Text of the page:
In "The Lottery," how are foreshadowing and irony interrelated to the climax?
Irony and foreshadowing are used to make the climax more powerful and disturbing.
Irony refers to something unexpected happening in a story. In this case, it is ironic that the people continue to gather and take part in this ritual, even though they do not really know why they are doing it. They do it because they always have. The reluctance to replace the tattered box demonstrates how they cling to tradition.
Mr. Summers spoke frequently to the villagers about making a new box, but no one liked to upset even as much tradition as was represented by the black box.
The reader knows that these people gather for this event because it is tradition, but the reader still has no idea what the event is. There are other little nudges of irony. Children are gathering stones alongside adults, where normally adults would discourage this behavior.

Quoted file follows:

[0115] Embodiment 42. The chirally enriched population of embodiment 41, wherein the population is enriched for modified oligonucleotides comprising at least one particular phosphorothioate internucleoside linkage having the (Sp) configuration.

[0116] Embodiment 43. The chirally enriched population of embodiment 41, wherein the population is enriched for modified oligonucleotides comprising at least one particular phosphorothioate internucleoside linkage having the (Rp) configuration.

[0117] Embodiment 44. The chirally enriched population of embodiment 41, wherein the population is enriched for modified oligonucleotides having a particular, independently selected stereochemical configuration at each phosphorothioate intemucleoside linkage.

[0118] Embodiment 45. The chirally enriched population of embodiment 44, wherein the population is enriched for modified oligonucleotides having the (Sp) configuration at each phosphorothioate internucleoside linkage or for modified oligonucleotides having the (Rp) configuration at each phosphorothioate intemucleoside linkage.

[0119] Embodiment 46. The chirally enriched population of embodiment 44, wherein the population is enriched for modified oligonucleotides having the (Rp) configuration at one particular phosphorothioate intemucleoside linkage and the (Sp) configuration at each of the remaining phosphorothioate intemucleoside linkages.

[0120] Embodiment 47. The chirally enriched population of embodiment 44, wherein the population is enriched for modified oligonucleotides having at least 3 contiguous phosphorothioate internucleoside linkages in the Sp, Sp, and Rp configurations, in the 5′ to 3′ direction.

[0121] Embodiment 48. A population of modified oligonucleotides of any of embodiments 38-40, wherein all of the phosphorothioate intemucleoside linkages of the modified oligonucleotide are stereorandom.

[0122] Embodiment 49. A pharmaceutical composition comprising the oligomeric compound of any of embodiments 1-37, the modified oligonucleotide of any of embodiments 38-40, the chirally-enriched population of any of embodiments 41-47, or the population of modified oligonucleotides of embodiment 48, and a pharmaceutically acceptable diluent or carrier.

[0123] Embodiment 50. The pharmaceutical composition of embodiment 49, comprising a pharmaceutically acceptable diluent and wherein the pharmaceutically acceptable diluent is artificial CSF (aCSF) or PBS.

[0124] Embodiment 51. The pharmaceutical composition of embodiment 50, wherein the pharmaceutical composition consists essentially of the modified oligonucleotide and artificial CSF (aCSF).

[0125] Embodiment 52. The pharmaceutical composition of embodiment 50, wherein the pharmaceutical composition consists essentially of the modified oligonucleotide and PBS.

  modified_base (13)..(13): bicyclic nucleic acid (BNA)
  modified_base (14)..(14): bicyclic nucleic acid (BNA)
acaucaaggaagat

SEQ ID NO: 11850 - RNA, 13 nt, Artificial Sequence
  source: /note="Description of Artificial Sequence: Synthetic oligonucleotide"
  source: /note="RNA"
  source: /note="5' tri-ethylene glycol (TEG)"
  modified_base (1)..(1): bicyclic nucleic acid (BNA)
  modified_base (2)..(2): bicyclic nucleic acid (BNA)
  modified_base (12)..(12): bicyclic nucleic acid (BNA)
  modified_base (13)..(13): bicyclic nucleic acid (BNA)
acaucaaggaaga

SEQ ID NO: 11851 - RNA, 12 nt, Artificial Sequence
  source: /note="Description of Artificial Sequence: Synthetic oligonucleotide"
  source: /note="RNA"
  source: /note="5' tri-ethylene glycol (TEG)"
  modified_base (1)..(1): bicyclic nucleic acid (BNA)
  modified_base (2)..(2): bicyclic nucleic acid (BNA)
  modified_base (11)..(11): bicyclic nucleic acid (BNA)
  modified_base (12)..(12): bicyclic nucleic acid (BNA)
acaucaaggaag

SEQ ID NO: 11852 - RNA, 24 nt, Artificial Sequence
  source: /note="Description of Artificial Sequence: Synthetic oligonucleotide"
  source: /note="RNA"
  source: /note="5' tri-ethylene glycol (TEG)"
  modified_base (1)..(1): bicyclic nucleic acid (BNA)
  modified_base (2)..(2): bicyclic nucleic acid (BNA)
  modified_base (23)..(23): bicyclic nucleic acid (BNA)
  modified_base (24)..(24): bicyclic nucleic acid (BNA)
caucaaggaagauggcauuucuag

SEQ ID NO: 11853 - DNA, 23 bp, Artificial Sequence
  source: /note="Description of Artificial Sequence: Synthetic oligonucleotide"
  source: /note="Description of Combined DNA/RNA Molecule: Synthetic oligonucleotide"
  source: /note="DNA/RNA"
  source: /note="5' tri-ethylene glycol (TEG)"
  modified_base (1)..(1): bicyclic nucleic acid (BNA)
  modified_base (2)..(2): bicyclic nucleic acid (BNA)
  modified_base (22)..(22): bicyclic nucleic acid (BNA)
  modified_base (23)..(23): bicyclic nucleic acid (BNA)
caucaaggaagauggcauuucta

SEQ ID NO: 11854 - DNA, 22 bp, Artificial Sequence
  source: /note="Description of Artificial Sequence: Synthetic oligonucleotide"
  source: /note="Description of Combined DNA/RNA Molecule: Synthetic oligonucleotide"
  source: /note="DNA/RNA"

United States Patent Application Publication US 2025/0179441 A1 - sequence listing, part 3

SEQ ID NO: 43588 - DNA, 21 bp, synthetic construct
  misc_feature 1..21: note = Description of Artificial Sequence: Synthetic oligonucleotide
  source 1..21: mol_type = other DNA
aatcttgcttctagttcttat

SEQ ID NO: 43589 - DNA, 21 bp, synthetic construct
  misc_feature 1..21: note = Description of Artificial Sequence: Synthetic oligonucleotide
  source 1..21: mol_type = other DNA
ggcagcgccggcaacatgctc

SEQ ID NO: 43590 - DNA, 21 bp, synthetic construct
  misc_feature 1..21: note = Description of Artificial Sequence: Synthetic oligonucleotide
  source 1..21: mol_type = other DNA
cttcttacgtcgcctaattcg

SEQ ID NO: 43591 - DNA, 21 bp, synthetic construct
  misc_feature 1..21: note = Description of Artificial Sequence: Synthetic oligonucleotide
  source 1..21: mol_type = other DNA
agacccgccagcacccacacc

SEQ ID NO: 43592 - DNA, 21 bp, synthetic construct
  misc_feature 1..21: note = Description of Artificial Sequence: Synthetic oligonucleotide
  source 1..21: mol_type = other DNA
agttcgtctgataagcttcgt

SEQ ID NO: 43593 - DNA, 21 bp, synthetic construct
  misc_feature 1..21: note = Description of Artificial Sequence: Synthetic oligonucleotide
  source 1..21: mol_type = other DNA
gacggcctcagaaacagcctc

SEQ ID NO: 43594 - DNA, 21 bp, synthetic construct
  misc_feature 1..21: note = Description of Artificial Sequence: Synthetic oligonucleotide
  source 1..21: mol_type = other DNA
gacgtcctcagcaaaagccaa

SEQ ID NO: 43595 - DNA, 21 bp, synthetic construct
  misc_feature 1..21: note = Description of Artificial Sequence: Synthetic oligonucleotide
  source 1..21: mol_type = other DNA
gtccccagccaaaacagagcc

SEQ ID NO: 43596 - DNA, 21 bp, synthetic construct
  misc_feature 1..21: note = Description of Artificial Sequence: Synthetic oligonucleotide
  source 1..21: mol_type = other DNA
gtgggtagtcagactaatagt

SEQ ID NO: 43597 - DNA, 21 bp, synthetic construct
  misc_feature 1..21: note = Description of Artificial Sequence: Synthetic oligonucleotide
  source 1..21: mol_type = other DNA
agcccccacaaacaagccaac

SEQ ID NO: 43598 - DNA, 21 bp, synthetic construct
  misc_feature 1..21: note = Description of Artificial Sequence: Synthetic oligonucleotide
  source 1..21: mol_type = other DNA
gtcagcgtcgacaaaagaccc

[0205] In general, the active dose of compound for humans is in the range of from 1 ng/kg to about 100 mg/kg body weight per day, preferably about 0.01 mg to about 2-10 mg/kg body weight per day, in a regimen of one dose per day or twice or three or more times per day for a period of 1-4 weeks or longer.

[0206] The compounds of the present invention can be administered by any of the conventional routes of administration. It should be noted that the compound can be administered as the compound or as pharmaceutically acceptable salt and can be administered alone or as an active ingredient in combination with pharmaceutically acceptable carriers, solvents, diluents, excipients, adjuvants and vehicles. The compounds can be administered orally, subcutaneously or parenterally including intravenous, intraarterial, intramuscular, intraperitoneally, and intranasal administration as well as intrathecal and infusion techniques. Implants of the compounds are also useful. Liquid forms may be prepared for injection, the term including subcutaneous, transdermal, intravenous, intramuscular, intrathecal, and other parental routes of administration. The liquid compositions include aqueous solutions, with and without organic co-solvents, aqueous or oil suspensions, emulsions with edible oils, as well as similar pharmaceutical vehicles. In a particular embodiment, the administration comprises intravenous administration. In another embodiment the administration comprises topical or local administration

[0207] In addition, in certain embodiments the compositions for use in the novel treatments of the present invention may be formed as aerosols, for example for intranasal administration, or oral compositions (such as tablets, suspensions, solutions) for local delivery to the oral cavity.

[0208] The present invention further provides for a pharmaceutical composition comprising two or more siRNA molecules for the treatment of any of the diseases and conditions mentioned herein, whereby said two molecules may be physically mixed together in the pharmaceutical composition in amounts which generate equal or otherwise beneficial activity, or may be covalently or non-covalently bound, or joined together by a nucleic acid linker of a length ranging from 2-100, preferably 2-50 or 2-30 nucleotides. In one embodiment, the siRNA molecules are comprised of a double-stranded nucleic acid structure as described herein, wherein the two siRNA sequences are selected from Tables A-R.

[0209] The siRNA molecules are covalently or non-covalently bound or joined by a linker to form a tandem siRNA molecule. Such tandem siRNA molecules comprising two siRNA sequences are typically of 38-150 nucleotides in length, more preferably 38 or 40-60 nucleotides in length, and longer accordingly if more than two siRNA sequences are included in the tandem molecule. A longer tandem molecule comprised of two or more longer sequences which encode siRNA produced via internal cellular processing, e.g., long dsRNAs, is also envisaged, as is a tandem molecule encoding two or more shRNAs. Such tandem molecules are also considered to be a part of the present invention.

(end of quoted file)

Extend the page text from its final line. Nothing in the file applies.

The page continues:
Foreshadowing is hints at future events. The tattered box, the three-legged stool, and Mr. Summers all foreshadow the importance of tradition and reluctance to change. The stones and uneasiness that everyone feels foreshadow trouble and a disturbing event ahead.
"Some places have already quit lotteries." Mrs. Adams said.
"Nothing but trouble in that," Old Man Warner said stoutly. "Pack of young fools."
The climax is the most interesting part, or the turning point. In this case, it is when the full irony of the story and the outcome of the foreshadowing is revealed. A girl is chosen to be stoned to death, and despite the senseless and horrific nature of the act, they do it.
This story is an example of artful use of foreshadowing to make an ironic climax more powerful. Jackson gives us little hints that lead to more and more information, but we do not really know until the end.